Thomas King-Randall had been waiting for two hours to drop his daughters off at his ex-girlfriend’s apartment in Midland, Texas. It was 10:30 on a school night in August and it was her turn to care for the two girls.
The ex-girlfriend showed up drunk and was arguing with her new boyfriend in his truck, police later wrote in a report. King-Randall, who is Black, said in an interview that the woman’s Latino boyfriend called him a racial slur, which led to a fight.
By the end of the encounter, the woman’s boyfriend had a bloody nose and swollen eyes. King-Randall was gone, and local police issued an arrest warrant for the 26-year-old California native. A month later, Texas Department of Public Safety officers arrested King-Randall when he tried to renew his driver’s license.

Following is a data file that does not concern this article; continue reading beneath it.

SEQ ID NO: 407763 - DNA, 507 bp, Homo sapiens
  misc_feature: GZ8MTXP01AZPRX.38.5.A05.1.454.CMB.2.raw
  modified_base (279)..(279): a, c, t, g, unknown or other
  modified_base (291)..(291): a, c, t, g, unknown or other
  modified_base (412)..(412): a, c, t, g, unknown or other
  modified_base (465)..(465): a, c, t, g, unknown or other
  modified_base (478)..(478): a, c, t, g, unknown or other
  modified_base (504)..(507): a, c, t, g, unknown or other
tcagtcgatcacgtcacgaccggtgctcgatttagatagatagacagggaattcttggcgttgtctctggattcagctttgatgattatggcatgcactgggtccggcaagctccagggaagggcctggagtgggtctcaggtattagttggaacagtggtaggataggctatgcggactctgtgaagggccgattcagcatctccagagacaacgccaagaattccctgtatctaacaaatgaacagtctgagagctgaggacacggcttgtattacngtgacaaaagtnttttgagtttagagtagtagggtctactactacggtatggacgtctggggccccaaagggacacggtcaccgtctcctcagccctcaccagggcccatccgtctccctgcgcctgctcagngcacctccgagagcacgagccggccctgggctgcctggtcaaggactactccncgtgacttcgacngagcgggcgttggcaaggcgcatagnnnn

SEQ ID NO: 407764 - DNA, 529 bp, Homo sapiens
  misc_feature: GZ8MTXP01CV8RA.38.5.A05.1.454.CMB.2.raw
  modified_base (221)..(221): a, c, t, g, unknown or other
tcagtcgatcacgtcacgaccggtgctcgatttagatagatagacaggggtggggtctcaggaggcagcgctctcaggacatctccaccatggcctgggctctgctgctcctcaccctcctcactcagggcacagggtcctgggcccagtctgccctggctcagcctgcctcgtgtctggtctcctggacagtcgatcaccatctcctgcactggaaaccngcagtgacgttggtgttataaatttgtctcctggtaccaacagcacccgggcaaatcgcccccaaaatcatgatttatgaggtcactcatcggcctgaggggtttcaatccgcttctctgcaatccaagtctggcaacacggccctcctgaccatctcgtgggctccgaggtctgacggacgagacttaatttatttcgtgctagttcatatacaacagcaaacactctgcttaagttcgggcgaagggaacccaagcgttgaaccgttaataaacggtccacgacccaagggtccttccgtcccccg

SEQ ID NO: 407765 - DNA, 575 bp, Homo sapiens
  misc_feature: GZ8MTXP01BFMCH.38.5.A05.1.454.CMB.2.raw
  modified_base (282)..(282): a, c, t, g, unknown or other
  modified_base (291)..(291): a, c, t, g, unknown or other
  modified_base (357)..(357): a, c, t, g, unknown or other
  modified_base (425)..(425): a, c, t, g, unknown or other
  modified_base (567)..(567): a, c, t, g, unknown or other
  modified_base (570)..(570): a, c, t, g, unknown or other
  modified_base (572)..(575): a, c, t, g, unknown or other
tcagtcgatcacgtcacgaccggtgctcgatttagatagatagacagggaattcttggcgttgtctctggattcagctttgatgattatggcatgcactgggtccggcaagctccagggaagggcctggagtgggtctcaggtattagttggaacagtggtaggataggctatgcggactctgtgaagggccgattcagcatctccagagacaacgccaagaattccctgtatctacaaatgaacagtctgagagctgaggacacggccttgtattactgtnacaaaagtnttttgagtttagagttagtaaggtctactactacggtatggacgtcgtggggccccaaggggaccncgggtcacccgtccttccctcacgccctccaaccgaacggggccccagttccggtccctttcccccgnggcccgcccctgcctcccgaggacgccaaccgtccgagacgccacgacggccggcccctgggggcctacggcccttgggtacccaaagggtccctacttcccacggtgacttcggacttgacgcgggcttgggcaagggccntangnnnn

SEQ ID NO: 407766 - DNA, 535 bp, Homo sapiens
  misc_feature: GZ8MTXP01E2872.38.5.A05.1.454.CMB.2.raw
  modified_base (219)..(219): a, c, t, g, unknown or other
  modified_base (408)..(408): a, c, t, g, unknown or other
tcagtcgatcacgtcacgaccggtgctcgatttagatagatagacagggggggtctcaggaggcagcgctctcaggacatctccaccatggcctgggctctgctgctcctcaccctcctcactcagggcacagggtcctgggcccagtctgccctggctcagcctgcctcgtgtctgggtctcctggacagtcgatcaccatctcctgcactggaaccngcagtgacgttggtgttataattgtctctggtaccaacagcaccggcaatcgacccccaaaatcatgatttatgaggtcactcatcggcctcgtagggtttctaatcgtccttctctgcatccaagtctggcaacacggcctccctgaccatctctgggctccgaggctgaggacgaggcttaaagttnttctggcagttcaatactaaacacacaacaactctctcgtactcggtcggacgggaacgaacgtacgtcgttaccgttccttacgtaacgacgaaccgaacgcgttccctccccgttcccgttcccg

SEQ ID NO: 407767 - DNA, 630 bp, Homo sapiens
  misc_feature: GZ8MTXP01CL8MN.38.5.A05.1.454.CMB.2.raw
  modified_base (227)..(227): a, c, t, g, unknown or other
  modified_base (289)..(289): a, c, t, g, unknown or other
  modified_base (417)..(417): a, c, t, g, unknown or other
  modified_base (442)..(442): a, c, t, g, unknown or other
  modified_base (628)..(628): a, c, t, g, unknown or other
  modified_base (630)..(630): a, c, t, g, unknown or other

King-Randall’s arrest was one of thousands used to bolster claims of success for Operation Lone Star. Texas Gov. Greg Abbott launched the initiative last March, citing an urgent need to stop the flow of drugs and undocumented immigrants into the state through Mexico.
But the alleged assault had nothing to do with the border. King-Randall, a U.S. citizen, was arrested more than 250 miles from the border with Mexico. Neither DPS nor the Texas Military Department, the state agencies carrying out Operation Lone Star, played a role in the investigation. And the family violence assault charge King-Randall faced wasn’t linked to border-related crime or illegal immigration.